During his reign, Ashoka ordered the raising or a number of pillars and the creation of a number of stupas. According to tradition, the pillars were raised at various points on the trail of a pilgrimage that he undertook in the twentieth year of his reign. Of the pillars that he caused to be raised, only ten are extant. One of the pillars was at Sarnath and it was on this pillar that the Lion capital originally stood.

            The pillars were quite tall and usually carried edicts from the emperor. The pillar at Sarnath was fifty feet tall and carried a Schism Edict addressed to the mahamattas at the monastery at Sarnath, which read ‘No one shall cause division in the order of monks’. The monks and the monastery have long since disappeared, but Sarnath remains an important place for Buddhists, as it is the place where the Buddha gave his first sermon.

            Modern scholars argue about the provenance of the pillar, with some claiming that its design may have been influenced by Alexander the Great. Because lions are not generally part of Indian culture, it is suggested that there is a Hellenistic influence at work in the design. Countering this argument, is the assertion that Buddha was sometimes known and represented as a lion in the era before he was depicted as a man. Another school of thought says there was originally a wheel (dharmachakra) on top of the capital, supported by the four lions. That the capital was originally crowned with the wheel is attested by Hsuan Tsang, a seventh century Chinese traveller who recorded his visit to the pillar.

            While debate continues over the origin and structure of the pillar at Sarnath, the lion capital is now firmly entrenched as the national symbol of India, having appeared on the banknotes, coins and postage stamps of India. On the banknotes, it has taken several forms, with the most recognized form being found on the early notes. However, the Lion capital was redrawn on some of the later notes, becoming smaller and with less depth in the image. On these later images the motto in Devanagari script has appeared below the Lion capital. As Mahatma Gandhi has grown in importance as a national symbol in India, his image has replaced the Lion capital, both as the principal image on the banknotes and as the watermark. However, the Lion capital remains as a small device on the front of the latest issues, still with the motto.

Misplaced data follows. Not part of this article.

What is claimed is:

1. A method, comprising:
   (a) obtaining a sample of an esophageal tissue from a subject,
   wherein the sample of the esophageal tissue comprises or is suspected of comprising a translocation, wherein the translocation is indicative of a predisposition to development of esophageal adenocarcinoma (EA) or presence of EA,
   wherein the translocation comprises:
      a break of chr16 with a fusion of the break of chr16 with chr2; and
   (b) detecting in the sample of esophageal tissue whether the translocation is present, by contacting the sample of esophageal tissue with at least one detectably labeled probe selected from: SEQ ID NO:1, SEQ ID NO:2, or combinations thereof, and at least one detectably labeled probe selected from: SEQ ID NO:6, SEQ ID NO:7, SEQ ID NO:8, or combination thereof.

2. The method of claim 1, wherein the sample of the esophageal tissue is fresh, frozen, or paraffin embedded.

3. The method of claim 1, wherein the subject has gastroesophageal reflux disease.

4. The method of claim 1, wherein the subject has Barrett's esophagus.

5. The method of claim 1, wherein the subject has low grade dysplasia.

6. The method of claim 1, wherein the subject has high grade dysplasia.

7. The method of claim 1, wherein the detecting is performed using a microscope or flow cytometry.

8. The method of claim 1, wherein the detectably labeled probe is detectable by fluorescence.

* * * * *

The Standard Catalog of World Paper Money continues to describe the Lion capital as the ‘Asoka Column’ and this misnomer is repeated in many reference works. The correct reference should be: the Lion capital of the Sarnath pillar raised by Ashoka. It is not a pillar, but the pillar’s capital; it is not the capital of the Ashoka pillar, because Ashoka raised many pillars; and it is the ‘Lion capital’ because there are capitals in the form of animals for many other pillars raised by Ashoka. However, what ever name may be applied to the capital, it is the symbol of India and should remain on its banknotes for many years to come.

This article was completed in March 2003
© Peter Symes